President Cyril Ramaphosa was re-elected as the president of the African National Congress (ANC) on 19 December. Ramaphosa’s re-election follows a bruising and chaotic three days as factional tensions within the party played out during the ANC’s 55th national elective conference still underway at the Johannesburg Expo Centre.
Ramaphosa narrowly defeated his rival, former health minister Zweli Mkhize, by 2 476 votes to 1 897. This 579-vote victory was the largest of all the contests for the ANC’S seven top positions (Top Seven). Although this margin was larger than the 179 votes by which he beat current Cooperative Governance Minister Nkosazana Dlamini-Zuma in 2017, the close nature of these election results underscores the clear divide within the ruling party and Ramaphosa’s failure to unite the ANC behind him in the past five years.
However, Ramaphosa will take solace in the fact that his allies now dominate the Top Seven, unlike the outcome of the 2017 national elective conference which produced a deeply split Top Six (the party has introduced a second deputy secretary-general position this year).
The ANC’s new senior leadership is as follows:
- President: Cyril Ramaphosa
- Deputy President: Paul Mashatile
- Chairperson: Gwede Mantashe
- Treasurer-General: Gwen Ramokgopa
- Secretary-General: Fikile Mbalula
- 1st Deputy Secretary-General: Nomvula Mokonyane
- 2nd Deputy Secretary-General: Maropene Ramokgopa
Importantly, the only person in the Top Seven openly opposed to Ramaphosa is the 1st Deputy Secretary-General Mokonyane who narrowly defeated former energy minister Tina Joemat-Pettersson by only 50 votes. This is despite the fact that Joemat-Pettersson was nominated from the conference floor at the last minute after ANC General Manager Febe Potgieter declined her nomination.
The rest of the new Top Seven are considered to be solid supporters of Ramaphosa, with the exception of Mashatile who has an uneasy relationship with the President and was on Mkhize’s slate. However, it should be stressed that Mashatile does not overtly belong to the anti-Ramaphosa Radical Economic Transformation (RET) faction, but is rather a deeply ambitious individual who is an ascendant force within the ANC. Mashatile notably did not endorse Mkhize ahead of the conference but was backed by Mkhize’s faction in the hope that this would attract Mashatile’s supporters to back Mkhize. Mashatile is expected to back Ramaphosa in the foreseeable future as this is the wisest and most expedient political course of action for him at present. He is now well-positioned to succeed Ramaphosa when the President steps down as party leader in 2027. Mashatile will spend the next five years deepening his support and constituency within the ANC, while presenting himself to the wider electorate as a future national president.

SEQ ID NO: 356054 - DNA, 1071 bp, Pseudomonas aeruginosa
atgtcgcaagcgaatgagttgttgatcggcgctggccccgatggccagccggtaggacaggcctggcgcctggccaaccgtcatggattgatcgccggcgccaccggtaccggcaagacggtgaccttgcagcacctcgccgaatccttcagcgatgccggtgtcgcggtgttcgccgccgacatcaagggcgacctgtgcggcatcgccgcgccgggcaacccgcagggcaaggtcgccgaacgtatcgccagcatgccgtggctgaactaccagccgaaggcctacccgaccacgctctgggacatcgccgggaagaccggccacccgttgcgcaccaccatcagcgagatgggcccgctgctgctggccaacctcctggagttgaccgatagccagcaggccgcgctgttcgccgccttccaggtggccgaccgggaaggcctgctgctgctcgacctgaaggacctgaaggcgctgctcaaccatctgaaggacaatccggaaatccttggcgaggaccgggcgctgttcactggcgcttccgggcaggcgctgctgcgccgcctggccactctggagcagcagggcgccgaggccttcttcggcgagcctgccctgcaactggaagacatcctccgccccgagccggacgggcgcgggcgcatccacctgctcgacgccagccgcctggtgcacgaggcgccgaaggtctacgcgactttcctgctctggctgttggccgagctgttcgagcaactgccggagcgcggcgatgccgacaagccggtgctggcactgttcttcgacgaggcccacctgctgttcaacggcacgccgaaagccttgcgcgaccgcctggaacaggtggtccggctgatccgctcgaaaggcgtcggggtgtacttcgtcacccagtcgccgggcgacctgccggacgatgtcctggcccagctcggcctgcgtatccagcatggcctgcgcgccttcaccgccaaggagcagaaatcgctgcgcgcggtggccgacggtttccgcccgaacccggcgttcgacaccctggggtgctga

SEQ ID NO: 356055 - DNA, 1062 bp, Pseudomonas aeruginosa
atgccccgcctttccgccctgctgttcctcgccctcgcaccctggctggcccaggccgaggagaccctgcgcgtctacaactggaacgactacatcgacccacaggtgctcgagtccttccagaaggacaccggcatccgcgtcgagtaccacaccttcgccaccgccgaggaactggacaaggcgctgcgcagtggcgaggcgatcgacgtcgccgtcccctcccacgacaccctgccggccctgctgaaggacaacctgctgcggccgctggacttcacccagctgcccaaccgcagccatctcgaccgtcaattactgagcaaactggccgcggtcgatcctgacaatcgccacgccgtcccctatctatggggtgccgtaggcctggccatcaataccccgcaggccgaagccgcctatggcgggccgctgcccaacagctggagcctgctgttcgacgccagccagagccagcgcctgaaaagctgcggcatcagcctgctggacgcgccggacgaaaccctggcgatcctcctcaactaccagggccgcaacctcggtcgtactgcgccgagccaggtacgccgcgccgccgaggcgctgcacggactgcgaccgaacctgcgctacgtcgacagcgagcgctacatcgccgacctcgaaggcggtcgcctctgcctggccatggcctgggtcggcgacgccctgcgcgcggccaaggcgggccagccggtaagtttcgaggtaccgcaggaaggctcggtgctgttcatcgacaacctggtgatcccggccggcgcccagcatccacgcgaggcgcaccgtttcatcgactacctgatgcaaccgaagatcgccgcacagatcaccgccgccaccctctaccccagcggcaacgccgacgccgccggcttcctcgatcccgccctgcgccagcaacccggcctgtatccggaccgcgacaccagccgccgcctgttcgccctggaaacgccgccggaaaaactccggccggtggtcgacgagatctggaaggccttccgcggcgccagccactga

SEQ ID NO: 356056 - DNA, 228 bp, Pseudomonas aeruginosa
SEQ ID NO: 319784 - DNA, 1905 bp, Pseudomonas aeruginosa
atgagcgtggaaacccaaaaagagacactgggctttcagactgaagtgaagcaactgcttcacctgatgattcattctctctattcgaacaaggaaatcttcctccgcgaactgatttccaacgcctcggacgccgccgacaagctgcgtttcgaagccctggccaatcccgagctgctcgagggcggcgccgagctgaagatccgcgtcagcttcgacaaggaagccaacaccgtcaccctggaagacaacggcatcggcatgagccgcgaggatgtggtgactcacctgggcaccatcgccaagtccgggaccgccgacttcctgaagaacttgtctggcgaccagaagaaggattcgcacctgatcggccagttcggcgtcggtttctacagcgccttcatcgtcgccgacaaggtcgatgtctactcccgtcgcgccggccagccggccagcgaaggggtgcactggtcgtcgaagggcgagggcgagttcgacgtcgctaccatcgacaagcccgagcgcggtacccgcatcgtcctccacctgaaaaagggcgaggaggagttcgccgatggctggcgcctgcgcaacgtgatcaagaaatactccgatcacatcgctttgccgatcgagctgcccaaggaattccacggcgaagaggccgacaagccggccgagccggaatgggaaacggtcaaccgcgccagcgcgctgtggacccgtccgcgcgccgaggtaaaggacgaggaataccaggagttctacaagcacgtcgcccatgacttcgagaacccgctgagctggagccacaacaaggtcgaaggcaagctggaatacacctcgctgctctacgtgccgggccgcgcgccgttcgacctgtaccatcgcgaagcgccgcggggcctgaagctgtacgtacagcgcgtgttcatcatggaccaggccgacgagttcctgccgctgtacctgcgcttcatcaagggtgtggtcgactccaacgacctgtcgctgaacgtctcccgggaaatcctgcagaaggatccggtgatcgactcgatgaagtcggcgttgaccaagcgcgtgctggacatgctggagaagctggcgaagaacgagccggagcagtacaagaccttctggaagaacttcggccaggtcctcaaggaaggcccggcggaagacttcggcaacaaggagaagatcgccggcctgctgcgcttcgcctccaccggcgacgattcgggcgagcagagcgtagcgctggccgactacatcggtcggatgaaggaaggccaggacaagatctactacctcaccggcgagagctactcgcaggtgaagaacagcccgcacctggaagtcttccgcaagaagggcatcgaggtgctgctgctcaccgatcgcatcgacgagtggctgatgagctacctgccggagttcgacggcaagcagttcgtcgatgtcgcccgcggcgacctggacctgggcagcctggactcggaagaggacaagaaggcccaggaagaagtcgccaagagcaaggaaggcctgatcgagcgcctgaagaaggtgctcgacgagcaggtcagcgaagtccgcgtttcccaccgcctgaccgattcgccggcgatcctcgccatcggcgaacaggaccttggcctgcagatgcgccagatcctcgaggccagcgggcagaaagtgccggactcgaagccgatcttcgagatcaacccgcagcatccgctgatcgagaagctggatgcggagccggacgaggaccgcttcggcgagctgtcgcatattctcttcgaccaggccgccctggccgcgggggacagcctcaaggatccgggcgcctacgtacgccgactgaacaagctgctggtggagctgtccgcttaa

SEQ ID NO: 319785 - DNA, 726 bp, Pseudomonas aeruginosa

The results of the Top Seven election also illustrated the lack of political nous of Ramaphosa’s political and strategic advisors. The President’s team only settled on its preferred leadership slate on the eve of the election. This did not leave enough time to mend broken fences with influential figures who were in the process excluded from the final slate, nor did it allow much room for his supporters to rally around these candidates and effectively campaign. This was clear in the contest between Mokonyane and Joemat-Pettersson as there were less than 24 hours to mobilise support for Joemat-Pettersson, assisting in Mokonyane’s victory. In addition, this belated consolidation also resulted in the unintentional splitting of the vote leading to uncomfortably close elections for key positions.
For example, Mantashe was elected with a margin of only 44 votes due partly to deputy finance minister David Masondo remaining on the ballot and attracting 230 votes. Similarly, Gwen Ramokgopa only won by 157 votes, largely because Ramaphosa’s personal advisor Benjani Chauke remained on the ballot and pulled 590 votes away from her.
Yet, regardless of the vote differences, Ramaphosa is in a stronger position after this conference than he was five years ago. This is mainly because he now has close allies in the secretary-general and treasurer-general positions, which will effectively give him greater organisational control over the ANC. Mbalula occupying the secretary-general’s office will also grant Ramaphosa greater influence over the ANC’s parliamentary lists in 2024, strengthening his control over the legislative caucus and the pool from which he can draw his cabinet. Assuming, of course, that the ANC wins the 2024 general election.
In the short-term Ramaphosa will again need to try and unify a deeply divided party. This is unlikely as these divisions will likely be replicated on the ANC’s 80-member National Executive Committee (NEC) which will be elected in the next two days. However, the President has been granted a key opportunity to seize greater control of his cabinet and, as he no longer needs to worry about being re-elected as party leader, he can now focus on improving his performance as President in an effort to minimise electoral damage in 2024. Key to this will be removing cabinet ministers who are openly opposed to him such as Tourism Minister Lindiwe Sisulu and Cooperative Governance Minister Nkosazana Dlamini-Zuma. In fact, implementing a cabinet reshuffle which increases his control over the government and removes his opponents will be the first test of whether Ramaphosa has the appetite to take advantage of the momentum created by his re-election and convert it into tangible political and governance gains.